Most end up as ‘consultants,’ commanding high fees only when the Party in which they served holds office because they act merely as match-makers, knowing the right bureaucrat or Parliamentary Committee Chairman to lobby.
Most tellingly, former MPs only become employable in the business world because of their parliamentary service. Does anyone really believe that former ALP machine man and Senator Graham Richardson, a law school drop-out, could have become an executive fixer for the late Kerry Packer had he not served in the Hawke and Keating Cabinets?
Had Nick Greiner and Wayne Goss not served as Premiers of NSW and Queensland, would they have really ended up chairing Coles Myer and Baulderstone Hornibrook, or running Deloitte Touche Tohmatsu in Brisbane. And do you really think Bob Carr a man who did not know how to write a cheque when he was secretary-treasurer of the Maroubra State Electorate Council of the ALP could command $500,000 a year from Macquarie Bank had he not led the very State Government that, over 10 years, shovelled almost $1 billion of work its way?
The point is, to the extent that ex-ministers are employable in the private sector, it is because of the skills and contacts they acquired in politics, not because of anything they brought to politics. And many politicians now use parliamentary service not as the culmination of a successful career but as the precursor to and training ground for a second career in the corporate world.
We are, I fear, heading down the American route, where many Congressmen and Senators advocate and even legislate with a post-political career as a lobbyist in mind.
If politicians, especially ministers, resent earning salaries that are a fraction of those awarded to a bank boss or corporate CEO as indeed they should that is surely more reason to reign in obscene executive compensation using that handy little instrument called the tax system. Might I suggest marginal tax rates on executive salaries (including share options and bonuses) up to 15 times the wage of the lowest paid full-time employee of the company, then 98 cents from every dollar after that?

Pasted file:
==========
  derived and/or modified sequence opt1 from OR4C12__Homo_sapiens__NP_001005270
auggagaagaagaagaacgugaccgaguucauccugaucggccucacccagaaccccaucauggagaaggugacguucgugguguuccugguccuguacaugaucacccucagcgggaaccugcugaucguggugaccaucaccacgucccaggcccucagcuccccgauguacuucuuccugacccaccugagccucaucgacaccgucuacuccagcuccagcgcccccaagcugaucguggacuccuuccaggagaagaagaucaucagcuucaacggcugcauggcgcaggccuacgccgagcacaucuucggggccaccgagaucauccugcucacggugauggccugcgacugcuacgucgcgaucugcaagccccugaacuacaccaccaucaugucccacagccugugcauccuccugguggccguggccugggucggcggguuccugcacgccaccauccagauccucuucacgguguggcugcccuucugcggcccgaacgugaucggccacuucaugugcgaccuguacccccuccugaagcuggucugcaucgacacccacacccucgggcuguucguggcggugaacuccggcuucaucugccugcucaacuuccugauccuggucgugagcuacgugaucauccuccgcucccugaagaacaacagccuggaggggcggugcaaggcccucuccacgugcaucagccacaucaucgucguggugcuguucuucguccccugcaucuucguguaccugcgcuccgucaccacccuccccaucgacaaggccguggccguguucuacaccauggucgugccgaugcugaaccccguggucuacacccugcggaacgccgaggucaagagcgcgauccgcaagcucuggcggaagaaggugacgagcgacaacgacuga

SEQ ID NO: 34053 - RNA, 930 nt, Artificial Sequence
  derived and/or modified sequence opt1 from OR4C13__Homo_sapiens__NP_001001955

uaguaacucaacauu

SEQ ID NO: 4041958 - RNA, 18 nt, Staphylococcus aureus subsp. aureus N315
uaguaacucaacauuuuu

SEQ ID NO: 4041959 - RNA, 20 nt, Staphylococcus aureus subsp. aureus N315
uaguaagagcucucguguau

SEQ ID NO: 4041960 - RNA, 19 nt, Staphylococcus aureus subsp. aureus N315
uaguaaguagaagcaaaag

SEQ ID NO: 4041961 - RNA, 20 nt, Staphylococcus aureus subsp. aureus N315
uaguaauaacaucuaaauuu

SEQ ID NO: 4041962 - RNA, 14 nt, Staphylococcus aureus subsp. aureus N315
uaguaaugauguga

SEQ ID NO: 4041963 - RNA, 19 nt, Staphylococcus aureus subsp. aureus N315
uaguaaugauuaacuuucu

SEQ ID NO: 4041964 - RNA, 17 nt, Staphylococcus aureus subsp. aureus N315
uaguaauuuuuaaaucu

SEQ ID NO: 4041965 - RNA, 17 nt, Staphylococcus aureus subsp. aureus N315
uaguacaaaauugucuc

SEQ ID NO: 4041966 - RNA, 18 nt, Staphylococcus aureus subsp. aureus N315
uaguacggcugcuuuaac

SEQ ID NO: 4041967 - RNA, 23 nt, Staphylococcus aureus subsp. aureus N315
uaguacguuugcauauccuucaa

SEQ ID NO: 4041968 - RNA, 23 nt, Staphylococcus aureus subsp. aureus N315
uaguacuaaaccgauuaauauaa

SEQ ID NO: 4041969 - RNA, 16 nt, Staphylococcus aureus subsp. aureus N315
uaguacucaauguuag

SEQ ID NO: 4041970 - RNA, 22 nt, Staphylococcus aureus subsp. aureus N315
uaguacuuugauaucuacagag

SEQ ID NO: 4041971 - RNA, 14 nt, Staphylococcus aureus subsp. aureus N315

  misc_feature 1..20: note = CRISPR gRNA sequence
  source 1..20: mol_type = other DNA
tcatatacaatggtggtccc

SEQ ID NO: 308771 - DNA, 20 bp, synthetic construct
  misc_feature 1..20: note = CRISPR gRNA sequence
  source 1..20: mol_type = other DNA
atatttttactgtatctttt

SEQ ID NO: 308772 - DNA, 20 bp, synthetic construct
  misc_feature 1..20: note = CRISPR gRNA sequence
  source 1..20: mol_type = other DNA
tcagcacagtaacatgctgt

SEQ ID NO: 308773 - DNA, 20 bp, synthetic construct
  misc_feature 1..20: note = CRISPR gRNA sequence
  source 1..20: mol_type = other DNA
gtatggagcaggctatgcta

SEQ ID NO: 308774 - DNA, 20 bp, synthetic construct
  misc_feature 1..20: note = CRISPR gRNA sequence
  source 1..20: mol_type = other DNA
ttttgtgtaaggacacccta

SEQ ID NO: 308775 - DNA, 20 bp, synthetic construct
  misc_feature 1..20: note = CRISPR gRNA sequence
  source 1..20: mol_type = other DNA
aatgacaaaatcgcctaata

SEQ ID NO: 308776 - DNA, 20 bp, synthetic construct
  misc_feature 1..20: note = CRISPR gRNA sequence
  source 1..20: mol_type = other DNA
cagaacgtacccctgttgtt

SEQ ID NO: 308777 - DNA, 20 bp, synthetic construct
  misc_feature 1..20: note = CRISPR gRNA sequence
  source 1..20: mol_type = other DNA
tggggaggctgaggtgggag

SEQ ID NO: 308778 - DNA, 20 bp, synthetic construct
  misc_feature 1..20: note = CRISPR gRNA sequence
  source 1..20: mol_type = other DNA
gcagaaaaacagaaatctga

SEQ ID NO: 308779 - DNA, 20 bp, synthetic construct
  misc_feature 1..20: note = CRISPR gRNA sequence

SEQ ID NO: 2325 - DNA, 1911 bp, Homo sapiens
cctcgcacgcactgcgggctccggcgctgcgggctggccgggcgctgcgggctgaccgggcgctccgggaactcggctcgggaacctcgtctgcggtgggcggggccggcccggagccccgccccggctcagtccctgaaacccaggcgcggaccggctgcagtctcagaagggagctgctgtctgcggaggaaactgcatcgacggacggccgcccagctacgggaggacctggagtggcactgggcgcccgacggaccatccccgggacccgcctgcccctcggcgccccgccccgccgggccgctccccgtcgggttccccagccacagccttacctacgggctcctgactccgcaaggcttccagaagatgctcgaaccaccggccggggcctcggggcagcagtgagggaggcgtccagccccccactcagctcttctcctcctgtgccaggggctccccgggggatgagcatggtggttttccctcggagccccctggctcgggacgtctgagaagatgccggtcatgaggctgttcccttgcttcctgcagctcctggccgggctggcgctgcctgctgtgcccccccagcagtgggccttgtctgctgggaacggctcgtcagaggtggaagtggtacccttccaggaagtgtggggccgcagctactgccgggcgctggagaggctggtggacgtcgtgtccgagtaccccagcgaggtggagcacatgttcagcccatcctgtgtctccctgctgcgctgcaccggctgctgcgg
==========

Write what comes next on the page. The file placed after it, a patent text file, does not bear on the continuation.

Lost in the debate about supposedly inadequate parliamentary salaries is the true cost of servicing our MPs. Three years ago, a report from the Australian National Audit Office found that each MP cost the taxpayer $2 million a year.
Most are still covered by the ludicrously generous pension scheme, in which they receive a guaranteed, tax-free 48 per cent of their retiring salary, indexed for life. Ministers are served by a retinue of secretaries, researchers, advisers and chauffeurs. MPs’ allegedly crushing work hours usually consist of light duties, such as five-star dinners with industry lobbyists or community meetings with constituents, who, unlike their elected representatives, don’t expect to get paid for going out at night. The NSW Parliament possibly one of the laziest legislatures in the world, and run by, surely, one of the most mediocre Governments sat for just 50 days last year.
In his book, Age of Consent, George Monbiot argues persuasively that politicians should receive a little more than the average wage of their constituents, precisely because they would feel directly the effect of the laws they pass or fail to pass. If we’re having trouble paying mortgages or rents, or have to choose between a new washing machine or a new fridge, surely they should, too?
Australia ‘s politicians are already a pampered elite. They do not deserve further enrichment.